The Day of the African Child (DAC) is observed by the African Union member states on the 16th of June annually. This year, the day was commemorated under the theme; ‘Access to a Child-Friendly Justice System in Africa’ as adopted by the African Union Executive Council, during its 34th Ordinary Session, held on 07 – 08 February 2019. The Day of the African Child comes at a time when the continent in general, and Zimbabwe in particular, is reeling from the effects of the Global Corona Virus pandemic which has claimed lives world over and decimated livelihoods and education options for vulnerable children. According to the African Union, nation states are encouraged to ensure application of a child rights-based approach and use the four principles of children’s rights as a tool for realizing access to a child-friendly justice system in Africa.
Locally, the Catholic Agency for Overseas Development (CAFOD) in partnership with the Archdiocese of Harare and Diocese of Gokwe, are implementing various initiatives that seek to promote resilience and increase nutrition particularly for children in Gokwe and Uzumba Maramba Pfungwe (UMP). These projects are designed in such a way that they respond to the four principles of the Convention on the Rights of the Child which are ‘non-discrimination, devotion to the best interests of the child, the right to life, survival and development’.
We are ensuring that children’s rights to health and nutrition are promoted in marginalised- hard to reach rural areas though providing school children with face masks, hand washing stations, running water in schools and provision of information including IEC material that targets children during the lockdown with COVID-19 related information on how to protect themselves. During this lockdown period we understand that livelihoods have been lost meaning the already dire situation for many children is even made worse. Considering this, we have undertaken to feed at least 365 children that are enrolled at Chipawa primary school in UMP through CSB dry rations. Working with the local district nutrition office, we are feeding children from their homes for them to cope and adapt to the COVID situation regarding food security.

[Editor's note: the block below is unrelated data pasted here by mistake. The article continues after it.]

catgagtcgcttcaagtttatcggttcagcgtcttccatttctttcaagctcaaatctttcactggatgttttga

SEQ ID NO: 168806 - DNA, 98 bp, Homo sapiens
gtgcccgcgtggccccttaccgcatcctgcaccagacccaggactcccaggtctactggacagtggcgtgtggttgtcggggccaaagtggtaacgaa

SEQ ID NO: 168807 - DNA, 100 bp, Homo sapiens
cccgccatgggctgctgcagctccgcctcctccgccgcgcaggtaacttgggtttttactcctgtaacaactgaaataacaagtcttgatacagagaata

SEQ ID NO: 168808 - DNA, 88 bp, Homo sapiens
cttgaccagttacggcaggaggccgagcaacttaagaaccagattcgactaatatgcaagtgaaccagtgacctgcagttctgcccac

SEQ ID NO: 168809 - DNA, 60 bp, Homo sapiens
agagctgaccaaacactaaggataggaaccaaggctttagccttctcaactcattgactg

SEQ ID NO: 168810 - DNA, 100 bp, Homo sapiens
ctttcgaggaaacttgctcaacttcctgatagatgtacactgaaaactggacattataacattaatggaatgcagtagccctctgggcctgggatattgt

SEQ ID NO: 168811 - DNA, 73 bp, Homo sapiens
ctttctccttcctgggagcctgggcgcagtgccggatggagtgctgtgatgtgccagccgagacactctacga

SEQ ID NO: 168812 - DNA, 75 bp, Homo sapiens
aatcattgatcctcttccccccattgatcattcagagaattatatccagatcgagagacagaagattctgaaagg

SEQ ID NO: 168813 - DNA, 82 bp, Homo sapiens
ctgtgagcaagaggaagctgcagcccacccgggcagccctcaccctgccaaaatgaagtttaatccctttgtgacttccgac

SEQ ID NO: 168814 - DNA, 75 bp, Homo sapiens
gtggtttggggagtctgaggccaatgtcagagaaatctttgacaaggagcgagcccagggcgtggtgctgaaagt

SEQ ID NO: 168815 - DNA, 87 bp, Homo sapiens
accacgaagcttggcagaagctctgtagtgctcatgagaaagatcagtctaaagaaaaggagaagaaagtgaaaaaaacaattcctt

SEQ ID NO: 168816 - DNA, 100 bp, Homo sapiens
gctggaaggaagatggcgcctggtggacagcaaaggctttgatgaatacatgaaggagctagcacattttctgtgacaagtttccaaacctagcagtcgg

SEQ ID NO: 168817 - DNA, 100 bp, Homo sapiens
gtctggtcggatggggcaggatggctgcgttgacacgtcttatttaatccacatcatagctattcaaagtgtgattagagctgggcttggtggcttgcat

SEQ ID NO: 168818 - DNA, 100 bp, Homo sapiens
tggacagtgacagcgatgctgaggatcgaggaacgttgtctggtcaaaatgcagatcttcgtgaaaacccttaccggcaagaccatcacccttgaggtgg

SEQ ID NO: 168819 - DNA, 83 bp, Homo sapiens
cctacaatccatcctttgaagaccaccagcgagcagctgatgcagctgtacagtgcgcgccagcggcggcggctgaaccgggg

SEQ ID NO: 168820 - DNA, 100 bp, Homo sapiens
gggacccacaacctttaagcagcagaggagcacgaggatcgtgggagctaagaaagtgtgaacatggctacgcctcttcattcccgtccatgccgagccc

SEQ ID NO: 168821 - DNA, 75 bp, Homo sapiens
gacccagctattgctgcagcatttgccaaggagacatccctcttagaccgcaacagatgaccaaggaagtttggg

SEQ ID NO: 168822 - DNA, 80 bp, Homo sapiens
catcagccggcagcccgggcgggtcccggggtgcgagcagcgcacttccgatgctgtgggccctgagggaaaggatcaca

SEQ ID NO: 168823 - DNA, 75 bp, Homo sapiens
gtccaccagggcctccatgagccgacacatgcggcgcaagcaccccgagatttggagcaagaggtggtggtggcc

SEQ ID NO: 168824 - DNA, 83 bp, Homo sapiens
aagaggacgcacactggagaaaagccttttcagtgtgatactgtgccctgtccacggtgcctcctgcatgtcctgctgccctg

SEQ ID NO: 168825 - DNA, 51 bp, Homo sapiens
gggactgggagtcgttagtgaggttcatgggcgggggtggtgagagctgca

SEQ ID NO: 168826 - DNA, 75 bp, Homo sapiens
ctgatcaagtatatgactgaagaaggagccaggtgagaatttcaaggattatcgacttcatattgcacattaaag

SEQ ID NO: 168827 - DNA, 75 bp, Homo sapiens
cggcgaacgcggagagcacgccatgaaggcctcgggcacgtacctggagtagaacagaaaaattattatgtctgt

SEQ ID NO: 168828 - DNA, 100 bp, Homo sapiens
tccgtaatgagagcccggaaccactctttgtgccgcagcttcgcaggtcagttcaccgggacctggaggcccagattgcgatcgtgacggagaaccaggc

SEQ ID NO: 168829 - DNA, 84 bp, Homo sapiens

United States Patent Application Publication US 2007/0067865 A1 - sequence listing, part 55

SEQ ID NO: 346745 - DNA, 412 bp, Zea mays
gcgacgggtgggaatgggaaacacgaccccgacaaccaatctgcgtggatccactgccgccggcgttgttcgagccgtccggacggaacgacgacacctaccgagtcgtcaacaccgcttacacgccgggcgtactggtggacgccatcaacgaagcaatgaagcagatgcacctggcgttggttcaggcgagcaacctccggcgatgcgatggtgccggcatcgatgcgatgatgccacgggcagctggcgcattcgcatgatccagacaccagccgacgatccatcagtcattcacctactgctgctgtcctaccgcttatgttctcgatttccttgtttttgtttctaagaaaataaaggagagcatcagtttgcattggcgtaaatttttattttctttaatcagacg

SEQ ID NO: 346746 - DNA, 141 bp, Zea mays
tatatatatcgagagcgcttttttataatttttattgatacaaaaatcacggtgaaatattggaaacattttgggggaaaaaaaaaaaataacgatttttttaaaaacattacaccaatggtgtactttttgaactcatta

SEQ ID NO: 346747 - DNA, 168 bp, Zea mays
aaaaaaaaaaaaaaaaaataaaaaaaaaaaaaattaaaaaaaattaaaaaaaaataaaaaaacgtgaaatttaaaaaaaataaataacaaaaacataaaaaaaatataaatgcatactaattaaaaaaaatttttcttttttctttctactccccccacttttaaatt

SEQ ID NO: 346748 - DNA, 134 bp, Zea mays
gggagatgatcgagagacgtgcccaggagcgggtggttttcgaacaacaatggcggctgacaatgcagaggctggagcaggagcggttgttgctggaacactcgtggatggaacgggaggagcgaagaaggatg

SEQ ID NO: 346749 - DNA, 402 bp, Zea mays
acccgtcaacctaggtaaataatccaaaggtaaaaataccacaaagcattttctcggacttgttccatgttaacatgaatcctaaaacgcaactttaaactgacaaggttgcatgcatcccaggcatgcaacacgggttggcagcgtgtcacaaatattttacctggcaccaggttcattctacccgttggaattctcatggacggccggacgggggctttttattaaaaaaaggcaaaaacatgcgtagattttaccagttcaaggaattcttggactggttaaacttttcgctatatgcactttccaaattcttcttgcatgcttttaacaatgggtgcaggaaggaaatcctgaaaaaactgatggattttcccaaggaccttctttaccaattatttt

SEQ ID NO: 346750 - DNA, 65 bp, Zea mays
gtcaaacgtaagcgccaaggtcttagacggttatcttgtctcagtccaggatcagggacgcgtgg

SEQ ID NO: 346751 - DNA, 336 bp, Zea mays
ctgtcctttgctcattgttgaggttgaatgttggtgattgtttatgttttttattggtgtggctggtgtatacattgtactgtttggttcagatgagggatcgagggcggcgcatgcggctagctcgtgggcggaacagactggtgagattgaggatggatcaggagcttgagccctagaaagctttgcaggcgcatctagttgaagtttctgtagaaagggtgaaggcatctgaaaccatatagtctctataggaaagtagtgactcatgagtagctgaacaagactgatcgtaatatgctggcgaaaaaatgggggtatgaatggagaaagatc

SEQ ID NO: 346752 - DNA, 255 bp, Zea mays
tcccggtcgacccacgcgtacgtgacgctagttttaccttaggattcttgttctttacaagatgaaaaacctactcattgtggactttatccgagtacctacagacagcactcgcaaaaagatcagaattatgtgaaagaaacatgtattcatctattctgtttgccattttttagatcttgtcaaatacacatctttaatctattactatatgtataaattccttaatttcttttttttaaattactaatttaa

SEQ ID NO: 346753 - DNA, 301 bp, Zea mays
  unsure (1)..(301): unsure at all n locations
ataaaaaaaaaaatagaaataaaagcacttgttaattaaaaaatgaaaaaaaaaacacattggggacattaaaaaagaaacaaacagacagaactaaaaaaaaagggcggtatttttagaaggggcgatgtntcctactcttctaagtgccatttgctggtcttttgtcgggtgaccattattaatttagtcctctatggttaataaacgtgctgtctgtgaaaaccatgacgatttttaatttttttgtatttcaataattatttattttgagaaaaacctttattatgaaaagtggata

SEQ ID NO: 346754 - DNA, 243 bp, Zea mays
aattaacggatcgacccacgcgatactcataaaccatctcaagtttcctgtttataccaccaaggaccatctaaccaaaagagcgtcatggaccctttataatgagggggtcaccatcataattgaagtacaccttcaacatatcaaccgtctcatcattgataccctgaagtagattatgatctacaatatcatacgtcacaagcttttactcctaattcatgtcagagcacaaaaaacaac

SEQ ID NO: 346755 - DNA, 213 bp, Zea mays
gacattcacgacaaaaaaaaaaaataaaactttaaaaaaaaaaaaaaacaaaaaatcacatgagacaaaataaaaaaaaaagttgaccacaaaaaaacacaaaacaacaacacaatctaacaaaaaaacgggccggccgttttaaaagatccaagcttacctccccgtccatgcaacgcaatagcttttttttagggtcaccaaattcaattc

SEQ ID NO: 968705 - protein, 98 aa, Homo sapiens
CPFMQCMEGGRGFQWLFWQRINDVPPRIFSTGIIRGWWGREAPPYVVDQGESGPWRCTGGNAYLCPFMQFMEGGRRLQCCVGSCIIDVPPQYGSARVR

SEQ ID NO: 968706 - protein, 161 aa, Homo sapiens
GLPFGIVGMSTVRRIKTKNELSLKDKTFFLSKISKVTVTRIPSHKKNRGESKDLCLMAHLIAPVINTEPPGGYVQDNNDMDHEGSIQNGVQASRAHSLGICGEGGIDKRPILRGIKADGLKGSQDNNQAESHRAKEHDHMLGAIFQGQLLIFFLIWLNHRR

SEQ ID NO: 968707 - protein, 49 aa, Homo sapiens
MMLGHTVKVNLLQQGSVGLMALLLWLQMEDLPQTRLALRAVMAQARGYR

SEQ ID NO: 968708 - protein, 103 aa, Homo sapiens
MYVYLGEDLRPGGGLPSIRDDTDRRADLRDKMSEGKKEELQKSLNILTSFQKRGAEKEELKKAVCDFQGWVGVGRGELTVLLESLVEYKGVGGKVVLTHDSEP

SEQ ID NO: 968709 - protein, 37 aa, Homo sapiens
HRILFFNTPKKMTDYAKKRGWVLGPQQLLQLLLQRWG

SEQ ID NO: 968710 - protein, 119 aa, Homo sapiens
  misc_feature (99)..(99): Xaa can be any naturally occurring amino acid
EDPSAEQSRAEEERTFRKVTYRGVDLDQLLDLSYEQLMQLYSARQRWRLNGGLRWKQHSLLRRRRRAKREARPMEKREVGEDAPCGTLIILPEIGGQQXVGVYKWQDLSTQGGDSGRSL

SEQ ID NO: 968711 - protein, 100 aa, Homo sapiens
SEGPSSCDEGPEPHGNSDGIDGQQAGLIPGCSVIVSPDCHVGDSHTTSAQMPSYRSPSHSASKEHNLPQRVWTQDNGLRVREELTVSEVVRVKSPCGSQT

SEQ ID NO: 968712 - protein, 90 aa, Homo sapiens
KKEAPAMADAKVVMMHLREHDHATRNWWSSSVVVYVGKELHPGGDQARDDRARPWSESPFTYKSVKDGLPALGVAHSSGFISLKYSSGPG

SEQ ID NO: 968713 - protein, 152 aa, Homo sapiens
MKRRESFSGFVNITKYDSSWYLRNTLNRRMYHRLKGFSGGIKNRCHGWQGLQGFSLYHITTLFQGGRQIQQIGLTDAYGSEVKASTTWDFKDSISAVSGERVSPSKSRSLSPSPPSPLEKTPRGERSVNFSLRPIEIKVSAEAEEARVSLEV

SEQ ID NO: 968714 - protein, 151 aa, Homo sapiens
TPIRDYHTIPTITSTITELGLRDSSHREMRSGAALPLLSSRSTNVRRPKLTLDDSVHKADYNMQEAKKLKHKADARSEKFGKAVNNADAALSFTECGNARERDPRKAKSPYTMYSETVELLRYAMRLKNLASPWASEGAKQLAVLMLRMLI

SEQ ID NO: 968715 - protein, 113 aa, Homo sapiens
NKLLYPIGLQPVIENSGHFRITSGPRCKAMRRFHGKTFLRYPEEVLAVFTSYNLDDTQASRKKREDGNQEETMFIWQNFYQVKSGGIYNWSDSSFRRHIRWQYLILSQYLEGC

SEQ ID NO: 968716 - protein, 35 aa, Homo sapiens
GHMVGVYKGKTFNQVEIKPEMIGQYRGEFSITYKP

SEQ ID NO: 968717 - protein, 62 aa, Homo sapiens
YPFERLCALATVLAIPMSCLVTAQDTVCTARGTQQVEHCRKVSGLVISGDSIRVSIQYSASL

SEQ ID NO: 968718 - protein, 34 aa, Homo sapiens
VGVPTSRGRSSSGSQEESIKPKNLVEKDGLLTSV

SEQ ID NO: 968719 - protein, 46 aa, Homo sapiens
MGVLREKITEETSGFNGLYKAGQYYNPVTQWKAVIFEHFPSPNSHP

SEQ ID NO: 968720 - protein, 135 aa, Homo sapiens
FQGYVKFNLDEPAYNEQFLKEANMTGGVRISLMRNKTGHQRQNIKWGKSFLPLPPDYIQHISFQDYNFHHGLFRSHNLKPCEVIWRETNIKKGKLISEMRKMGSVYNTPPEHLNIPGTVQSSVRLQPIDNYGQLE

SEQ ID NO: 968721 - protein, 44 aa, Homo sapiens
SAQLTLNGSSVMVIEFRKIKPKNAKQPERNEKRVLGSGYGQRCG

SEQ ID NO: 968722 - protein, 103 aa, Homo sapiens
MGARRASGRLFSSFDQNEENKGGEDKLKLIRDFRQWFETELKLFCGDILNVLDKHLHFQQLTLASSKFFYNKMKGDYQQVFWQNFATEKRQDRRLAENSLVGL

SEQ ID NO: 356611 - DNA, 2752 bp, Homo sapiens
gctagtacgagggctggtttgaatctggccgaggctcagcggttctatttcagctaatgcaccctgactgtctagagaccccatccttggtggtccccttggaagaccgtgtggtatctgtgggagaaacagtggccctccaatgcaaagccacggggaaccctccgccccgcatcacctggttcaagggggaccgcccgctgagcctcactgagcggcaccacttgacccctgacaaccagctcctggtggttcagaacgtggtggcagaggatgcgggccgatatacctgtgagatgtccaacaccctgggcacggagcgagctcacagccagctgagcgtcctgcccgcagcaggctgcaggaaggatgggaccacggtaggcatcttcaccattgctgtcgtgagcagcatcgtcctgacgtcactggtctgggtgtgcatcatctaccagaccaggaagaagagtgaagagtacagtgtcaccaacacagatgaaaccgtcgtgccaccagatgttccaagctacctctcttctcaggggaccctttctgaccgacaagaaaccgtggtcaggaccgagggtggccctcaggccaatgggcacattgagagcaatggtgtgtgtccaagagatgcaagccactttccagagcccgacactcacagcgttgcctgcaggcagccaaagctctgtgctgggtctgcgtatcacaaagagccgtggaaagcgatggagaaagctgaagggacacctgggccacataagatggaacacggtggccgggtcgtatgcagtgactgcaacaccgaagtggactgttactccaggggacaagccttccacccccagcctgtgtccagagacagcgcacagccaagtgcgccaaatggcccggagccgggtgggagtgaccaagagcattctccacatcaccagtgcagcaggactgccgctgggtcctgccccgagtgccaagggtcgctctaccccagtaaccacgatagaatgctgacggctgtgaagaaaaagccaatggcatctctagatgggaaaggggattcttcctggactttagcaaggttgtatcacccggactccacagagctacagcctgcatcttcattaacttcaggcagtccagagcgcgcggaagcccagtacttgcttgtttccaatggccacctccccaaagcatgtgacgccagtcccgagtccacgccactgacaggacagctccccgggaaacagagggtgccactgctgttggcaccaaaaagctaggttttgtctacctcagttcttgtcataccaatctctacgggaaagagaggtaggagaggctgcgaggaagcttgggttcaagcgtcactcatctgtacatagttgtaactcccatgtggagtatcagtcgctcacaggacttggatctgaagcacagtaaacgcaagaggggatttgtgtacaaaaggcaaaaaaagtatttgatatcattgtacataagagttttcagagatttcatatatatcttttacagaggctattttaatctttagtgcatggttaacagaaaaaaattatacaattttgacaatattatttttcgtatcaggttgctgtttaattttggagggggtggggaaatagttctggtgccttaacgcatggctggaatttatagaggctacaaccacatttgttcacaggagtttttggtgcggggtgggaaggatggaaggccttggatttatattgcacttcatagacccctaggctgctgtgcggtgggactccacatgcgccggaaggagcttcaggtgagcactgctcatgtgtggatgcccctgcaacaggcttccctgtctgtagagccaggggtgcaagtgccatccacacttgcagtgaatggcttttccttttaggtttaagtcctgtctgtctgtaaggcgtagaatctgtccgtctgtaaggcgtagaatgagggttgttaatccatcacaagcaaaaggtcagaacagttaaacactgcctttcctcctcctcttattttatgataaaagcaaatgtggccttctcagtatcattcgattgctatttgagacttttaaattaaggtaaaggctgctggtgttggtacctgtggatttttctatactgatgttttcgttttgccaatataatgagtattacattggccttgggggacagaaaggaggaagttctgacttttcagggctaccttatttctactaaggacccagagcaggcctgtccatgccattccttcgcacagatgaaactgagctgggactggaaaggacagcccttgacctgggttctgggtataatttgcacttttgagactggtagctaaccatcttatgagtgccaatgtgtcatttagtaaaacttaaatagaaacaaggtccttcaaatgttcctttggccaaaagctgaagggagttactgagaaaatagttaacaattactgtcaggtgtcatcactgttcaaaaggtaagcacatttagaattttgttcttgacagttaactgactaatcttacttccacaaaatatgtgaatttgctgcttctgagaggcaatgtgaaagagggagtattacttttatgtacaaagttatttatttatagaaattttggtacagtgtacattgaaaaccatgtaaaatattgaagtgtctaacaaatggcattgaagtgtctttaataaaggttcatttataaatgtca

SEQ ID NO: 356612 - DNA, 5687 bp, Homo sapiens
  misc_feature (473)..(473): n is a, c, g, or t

Cognisant of the correlation between our WASH approach and the COVID-19 WHO guidelines, we have scaled up the provision of water through increasing borehole drilling in schools and communities in Gokwe and UMP. Through this we have also increased the handwashing capacity of communities and schools for them to practise handwashing as a coping mechanism against the Corona Virus. CAFOD and partners are contributing to deconcentrating spaces where communities and children converge in an effort to fetch water often from unsafe sources; we are doing this through piping water to convenient locations where distances for women and children in search of water are greatly reduced.
COVID-19 presents are very difficult situation and it calls for innovative approaches and more resources to respond to children’s needs. In our work we have witnessed some structural and class challenges that affect children predominantly in the marginalised areas, including their right to education. While the more advanced section of society is now resorting to online learning, children in the rural areas where are working, are being left behind. This is due a combination of issues ranging from poor connectivity to inability to afford the whole arrangement of online learning.
The presence of the Corona Virus remains a challenge that calls for more collaboration between government and civil society as we work towards eradication. We continue to trial new approaches and make sure that we advance the interests of children in all our work as we seek to achieve the SDG goal of leaving no one behind. Ends//